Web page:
Monday, June 1, 2020

TYPES OF HUMAN CELL

TYPES OF HUMAN CELL


TYPES OF HUMAN CELL
NERVE CELLS
The cells that make up the nervous system and the brain are nerve cells or neurons. Electrical messages pass between nerve cells along long filaments called axons. To cross the gaps between nerve cells (the synapse) that electrical signal is converted into a chemical signal. These cells enable us to feel sensations, such as pain, and they also enable us to move.
CELL STRUCTURE EXPLAINED

CELL STRUCTURE EXPLAINED


CELL STRUCTURE EXPLAINED
There are around 75 trillion cells in the human body, but what are they and how do they work?
Cells are life and cells are alive. You are here because every cell inside your body has a specific function and a very specialised job to do. There are many different types of cell, each one working to keep the body’s various systems operating. A single cell is the smallest unit of living material in the body capable of life. When grouped together in layers or clusters, however, cells with similar jobs to do form tissue, such as skin or muscle. To keep these cells working, there are thousands of chemical reactions going on all the time.

Thursday, January 3, 2019

Membrane Transport Proteins And Ion Channels

Membrane Transport Proteins And Ion Channels


Membrane Transport Proteins And Ion Channels
Proteins provide several routes for the movement of materials across membranes: (i) large pores, constructed of several protein subunits, that allow the bulk flow of water, ions and sometimes larger molecules (e.g. aquaporin, Chapter 34; and the connexins, that combine on the connexons to form gap junctions between cells); (ii) transporter molecules, some of which use metabolic energy (either direct or indirect) to move molecules against chemical and/or electrical gradients; and (iii) ion channels, specialized to allow the passage of particular ion species across the membrane under defined conditions.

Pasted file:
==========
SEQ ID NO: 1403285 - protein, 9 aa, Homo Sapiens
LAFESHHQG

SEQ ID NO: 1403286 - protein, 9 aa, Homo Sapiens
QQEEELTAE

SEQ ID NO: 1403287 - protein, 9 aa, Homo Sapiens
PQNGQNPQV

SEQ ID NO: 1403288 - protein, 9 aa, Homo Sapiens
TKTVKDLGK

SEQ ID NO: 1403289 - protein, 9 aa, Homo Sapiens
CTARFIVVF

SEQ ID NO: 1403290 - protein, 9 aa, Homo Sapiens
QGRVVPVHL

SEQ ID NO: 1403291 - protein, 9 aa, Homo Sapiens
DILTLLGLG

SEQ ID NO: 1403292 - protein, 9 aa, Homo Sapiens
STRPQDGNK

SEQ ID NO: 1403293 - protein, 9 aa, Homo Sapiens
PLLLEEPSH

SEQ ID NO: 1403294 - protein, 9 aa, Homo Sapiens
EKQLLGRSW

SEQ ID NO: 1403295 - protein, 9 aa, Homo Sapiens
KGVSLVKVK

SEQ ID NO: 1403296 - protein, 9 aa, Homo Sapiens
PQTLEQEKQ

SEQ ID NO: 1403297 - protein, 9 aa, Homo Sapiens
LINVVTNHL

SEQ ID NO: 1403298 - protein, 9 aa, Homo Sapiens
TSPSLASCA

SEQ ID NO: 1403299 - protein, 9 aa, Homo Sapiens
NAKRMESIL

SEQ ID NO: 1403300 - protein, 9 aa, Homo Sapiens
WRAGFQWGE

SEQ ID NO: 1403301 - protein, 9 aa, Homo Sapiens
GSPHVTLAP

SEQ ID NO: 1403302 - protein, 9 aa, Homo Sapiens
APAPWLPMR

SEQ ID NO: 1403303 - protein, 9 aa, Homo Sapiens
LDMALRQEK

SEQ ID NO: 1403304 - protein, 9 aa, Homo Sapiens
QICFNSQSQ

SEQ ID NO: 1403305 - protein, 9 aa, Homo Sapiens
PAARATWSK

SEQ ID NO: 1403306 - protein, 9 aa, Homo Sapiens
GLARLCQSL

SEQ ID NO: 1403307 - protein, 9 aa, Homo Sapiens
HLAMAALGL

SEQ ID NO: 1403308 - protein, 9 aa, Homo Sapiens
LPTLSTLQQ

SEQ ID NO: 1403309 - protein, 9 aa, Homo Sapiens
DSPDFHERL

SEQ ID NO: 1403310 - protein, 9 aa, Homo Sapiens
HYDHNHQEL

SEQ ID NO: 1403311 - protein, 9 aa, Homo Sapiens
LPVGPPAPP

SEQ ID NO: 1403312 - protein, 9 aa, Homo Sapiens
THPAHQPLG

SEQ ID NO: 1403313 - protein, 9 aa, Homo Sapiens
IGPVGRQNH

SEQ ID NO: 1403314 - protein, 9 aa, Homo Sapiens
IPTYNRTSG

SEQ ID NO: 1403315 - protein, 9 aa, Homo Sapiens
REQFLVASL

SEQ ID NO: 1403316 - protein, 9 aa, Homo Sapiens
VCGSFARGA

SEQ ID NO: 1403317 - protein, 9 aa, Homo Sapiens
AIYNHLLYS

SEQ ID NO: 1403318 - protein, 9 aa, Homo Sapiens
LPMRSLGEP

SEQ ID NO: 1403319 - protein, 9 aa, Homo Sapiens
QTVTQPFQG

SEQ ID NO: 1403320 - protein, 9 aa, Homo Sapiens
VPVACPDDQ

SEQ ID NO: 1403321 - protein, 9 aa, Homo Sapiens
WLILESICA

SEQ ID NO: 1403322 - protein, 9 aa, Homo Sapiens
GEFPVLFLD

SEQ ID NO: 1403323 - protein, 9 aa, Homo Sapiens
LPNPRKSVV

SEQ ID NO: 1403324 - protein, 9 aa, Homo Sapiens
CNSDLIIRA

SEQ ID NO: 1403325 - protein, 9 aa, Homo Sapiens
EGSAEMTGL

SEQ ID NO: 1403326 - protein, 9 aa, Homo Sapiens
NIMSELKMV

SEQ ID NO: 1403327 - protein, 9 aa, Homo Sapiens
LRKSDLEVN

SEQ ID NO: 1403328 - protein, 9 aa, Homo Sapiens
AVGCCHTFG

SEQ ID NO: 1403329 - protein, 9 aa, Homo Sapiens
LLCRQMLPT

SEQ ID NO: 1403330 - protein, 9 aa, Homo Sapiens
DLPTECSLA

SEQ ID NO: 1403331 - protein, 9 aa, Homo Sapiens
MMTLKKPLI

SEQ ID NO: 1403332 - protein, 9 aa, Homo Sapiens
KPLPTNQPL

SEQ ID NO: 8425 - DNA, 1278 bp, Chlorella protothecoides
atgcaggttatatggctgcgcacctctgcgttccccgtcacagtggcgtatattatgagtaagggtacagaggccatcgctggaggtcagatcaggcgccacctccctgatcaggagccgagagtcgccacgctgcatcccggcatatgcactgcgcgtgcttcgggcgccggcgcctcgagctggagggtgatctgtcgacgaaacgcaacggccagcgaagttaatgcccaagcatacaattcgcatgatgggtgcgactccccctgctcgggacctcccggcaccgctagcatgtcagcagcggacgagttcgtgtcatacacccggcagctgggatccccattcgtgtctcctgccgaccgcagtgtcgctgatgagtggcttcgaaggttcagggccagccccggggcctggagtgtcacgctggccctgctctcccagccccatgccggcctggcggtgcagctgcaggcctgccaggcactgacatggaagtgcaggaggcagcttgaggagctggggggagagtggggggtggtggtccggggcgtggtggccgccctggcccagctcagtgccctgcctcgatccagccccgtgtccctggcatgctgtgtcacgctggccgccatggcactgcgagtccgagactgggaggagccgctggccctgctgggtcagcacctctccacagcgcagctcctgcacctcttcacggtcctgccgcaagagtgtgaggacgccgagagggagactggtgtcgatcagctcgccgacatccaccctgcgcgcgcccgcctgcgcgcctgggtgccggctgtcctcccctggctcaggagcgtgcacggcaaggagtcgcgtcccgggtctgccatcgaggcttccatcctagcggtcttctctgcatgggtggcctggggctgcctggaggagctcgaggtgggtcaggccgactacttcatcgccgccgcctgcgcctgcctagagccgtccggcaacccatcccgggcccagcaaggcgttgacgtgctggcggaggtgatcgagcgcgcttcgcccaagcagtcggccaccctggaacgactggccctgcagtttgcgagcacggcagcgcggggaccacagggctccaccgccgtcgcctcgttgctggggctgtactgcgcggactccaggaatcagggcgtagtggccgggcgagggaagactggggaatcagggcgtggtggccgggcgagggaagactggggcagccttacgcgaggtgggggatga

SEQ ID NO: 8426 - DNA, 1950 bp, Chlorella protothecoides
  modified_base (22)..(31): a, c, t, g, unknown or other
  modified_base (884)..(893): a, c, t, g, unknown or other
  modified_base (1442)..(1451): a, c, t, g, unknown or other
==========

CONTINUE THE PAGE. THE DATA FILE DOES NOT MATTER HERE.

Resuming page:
Body water compartments and physiological fluids

Body water compartments and physiological fluids


Body water compartments and physiological fluids
Osmosis
Osmosis is the passive movement of water across a semi-permeable membrane from regions of low solute concentration to those of higher solute concentration. Biological membranes are semi-permeable in that they usually allow the free movement of water but restrict the movement of solutes. The creation of osmotic gradients is the primary method for the movement of water in biological systems. This is why the osmotic potential (osmolality) of body fluids is closely regulated by a number of homeostatic mechanisms (Chapter 35).
Homeostasis And The Physiology Of Proteins

Homeostasis And The Physiology Of Proteins


Homeostasis And The Physiology Of Proteins
Claude Bernard (1813–1878) first described ‘le mileau intérieur’ and observed that the internal environment of the body remained remark- ably constant (or in equilibrium) despite the ever changing external environment. The term homeostasis was not used until 1929 when Walter Cannon first used it to describe this ability of physiological systems to maintain conditions within the body in a relatively constant state of equilibrium. It is arguably the most important concept in physiology.
Cells, Membranes And Organelles

Cells, Membranes And Organelles


Cells, Membranes And Organelles
The aqueous internal environment of the cell is separated from the aqueous external medium by an envelope of fat molecules (lipids) known as the plasma membrane. About half the cell is filled with cytosol, a viscous, protein-rich fluid between the internal structures. These consist of organelles which are themselves enclosed by lipid membranes, and components of the cytoskeleton such as microtubules and actin filaments which provide structural stability. The reticular appearance of the cell interior is due to organelles whose membranes are folded to maximize surface area. These include the rough endo- plasmic reticulum and Golgi apparatus, which are involved in protein assembly, and the smooth endoplasmic reticulum which serves as a store for intracellular Ca2+ and is the major site of lipid production (Fig. 3a).
Biological Electricity

Biological Electricity


Biological Electricity
Electrical events in biological tissues are caused by the movement of ions across the membrane. A potential difference exists across the membranes of all cells (membrane potential, Em), but only excitable tissues can generate action potentials (transient depolarization of a cell as a result of ion channel activity). Action potentials transmit information in nerve cells (Chapter 6) and trigger contractions in muscle cells (Chapter 12). Cell membranes are electrically polarized so that the inside is negative relative to the outside. In excitable tissues, resting Em  is usually between –60 and –90 mV.